Coinbase explains why it gave employees a month of 'recharge time' in addition to Flexible Time Off




 

Coinbase made a splash earlier this week when it announced four "recharge weeks" for its employees in 2022.

The move follows a busy year for the company, in which it implemented a direct deposit option on their platform in September, announced plans to open its own NFT marketplace in October, and acquired crypto-builder Bison Trails as well as futures exchange FairX this month. They have tripled their headcount over the last 12 months.

"[M]any days and weeks are long, because that's what it takes to get the job done and achieve our mission," Chief People Officer LJ Brock told Fortune

In an open letter on the Coinbase blog on Tuesday, Brock cited an epiphany in 2020 that hinted at the need for more employee downtime: despite an unlimited flexible time off policy, many employees weren't taking the time off they needed for fear of falling behind on their work tasks, or burdening a teammate with increased responsibilities. Coinbase already had two recharge weeks scheduled per year, but they decided to double it. Now, "90-day pushes" are capped with a week off.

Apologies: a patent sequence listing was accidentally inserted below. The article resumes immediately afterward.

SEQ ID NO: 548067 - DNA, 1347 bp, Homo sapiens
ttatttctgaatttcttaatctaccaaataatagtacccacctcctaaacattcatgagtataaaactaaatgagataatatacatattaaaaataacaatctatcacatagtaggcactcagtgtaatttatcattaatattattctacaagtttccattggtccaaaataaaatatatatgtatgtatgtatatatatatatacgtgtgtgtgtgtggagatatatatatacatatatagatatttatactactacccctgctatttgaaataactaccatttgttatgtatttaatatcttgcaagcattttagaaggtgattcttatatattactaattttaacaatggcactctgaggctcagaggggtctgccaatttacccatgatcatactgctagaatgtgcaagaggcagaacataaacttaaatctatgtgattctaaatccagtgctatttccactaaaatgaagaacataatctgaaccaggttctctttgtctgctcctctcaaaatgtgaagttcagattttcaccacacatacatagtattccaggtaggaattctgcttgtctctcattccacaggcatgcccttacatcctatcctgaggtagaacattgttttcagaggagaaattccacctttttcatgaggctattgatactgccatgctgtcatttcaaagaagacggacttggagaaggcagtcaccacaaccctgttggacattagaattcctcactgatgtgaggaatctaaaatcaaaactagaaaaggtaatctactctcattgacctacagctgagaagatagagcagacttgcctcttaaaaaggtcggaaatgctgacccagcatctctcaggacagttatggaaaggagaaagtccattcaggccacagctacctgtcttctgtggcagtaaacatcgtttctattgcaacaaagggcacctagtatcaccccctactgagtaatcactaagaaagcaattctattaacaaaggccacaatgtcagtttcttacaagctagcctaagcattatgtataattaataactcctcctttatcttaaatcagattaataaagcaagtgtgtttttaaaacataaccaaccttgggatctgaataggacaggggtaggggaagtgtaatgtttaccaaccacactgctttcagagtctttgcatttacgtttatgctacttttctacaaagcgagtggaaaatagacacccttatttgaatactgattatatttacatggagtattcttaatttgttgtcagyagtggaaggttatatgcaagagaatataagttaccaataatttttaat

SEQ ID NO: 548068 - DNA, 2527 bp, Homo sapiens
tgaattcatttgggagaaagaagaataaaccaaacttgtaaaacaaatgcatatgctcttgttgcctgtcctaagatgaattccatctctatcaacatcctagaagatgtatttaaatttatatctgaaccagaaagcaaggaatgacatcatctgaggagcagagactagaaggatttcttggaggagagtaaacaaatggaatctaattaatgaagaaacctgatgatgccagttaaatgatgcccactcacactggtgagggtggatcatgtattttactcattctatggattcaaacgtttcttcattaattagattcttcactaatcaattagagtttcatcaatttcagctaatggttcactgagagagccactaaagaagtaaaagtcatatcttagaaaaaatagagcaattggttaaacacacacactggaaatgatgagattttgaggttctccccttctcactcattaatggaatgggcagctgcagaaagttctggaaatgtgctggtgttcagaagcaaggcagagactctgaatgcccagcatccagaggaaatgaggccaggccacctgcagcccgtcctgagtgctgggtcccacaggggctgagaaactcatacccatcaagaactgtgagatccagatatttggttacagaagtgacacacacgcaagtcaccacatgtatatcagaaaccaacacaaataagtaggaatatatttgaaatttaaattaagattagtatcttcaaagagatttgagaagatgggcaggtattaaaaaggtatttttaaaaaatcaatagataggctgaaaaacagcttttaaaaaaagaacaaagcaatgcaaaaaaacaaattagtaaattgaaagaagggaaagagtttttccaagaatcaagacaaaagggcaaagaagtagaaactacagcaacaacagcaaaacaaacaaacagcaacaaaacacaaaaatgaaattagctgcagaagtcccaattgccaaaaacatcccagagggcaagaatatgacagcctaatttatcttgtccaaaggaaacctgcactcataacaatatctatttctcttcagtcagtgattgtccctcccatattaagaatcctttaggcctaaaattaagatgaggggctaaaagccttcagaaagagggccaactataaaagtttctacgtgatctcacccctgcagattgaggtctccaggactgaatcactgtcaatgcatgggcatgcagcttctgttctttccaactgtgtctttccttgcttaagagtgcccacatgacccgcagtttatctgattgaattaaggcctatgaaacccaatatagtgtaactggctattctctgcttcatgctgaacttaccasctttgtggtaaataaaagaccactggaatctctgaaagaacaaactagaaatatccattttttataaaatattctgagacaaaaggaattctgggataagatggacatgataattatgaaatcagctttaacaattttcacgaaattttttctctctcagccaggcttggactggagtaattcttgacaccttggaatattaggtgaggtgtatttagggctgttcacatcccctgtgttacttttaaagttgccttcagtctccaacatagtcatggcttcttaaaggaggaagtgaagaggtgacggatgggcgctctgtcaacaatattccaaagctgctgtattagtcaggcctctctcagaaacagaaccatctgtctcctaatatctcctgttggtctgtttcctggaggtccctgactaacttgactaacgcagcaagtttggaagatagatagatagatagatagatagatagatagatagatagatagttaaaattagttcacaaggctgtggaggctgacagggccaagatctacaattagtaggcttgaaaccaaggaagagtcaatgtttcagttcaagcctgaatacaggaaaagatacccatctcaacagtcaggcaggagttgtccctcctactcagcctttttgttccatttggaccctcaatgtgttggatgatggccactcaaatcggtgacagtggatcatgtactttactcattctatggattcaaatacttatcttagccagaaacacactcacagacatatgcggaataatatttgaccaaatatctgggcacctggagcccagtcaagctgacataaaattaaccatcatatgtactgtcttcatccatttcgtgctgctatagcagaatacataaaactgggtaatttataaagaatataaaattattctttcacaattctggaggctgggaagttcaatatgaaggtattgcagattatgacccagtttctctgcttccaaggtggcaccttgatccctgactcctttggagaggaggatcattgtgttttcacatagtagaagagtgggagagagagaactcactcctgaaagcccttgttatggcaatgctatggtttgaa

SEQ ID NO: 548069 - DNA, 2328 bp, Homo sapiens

"We've long believed that a 'sprint and recharge' approach is the best way for us to manage the pace of our industry and ensure we could all take the time off we need," said Brock. "This is a critical moment in crypto, and we expect this year to be just as demanding as the last two."

And the company found that the majority of employees-52%-said that these recharge weeks were the primary tool that helped the rest and recover in 2021. 

"Over the last two years, we also experimented with single recharge days, but we anecdotally heard those were less impactful," Brock said. 

While the four recharge weeks are new additions to Coinbase's substantial list of employee benefits, employees will still get FTO.

"We didn't make any changes to our Flexible Time Off policy-we've encouraged employees to schedule vacations during our recharge weeks when they can, but we know that's not always possible, and that's OK," Brock said.

This story was originally featured on Fortune.com

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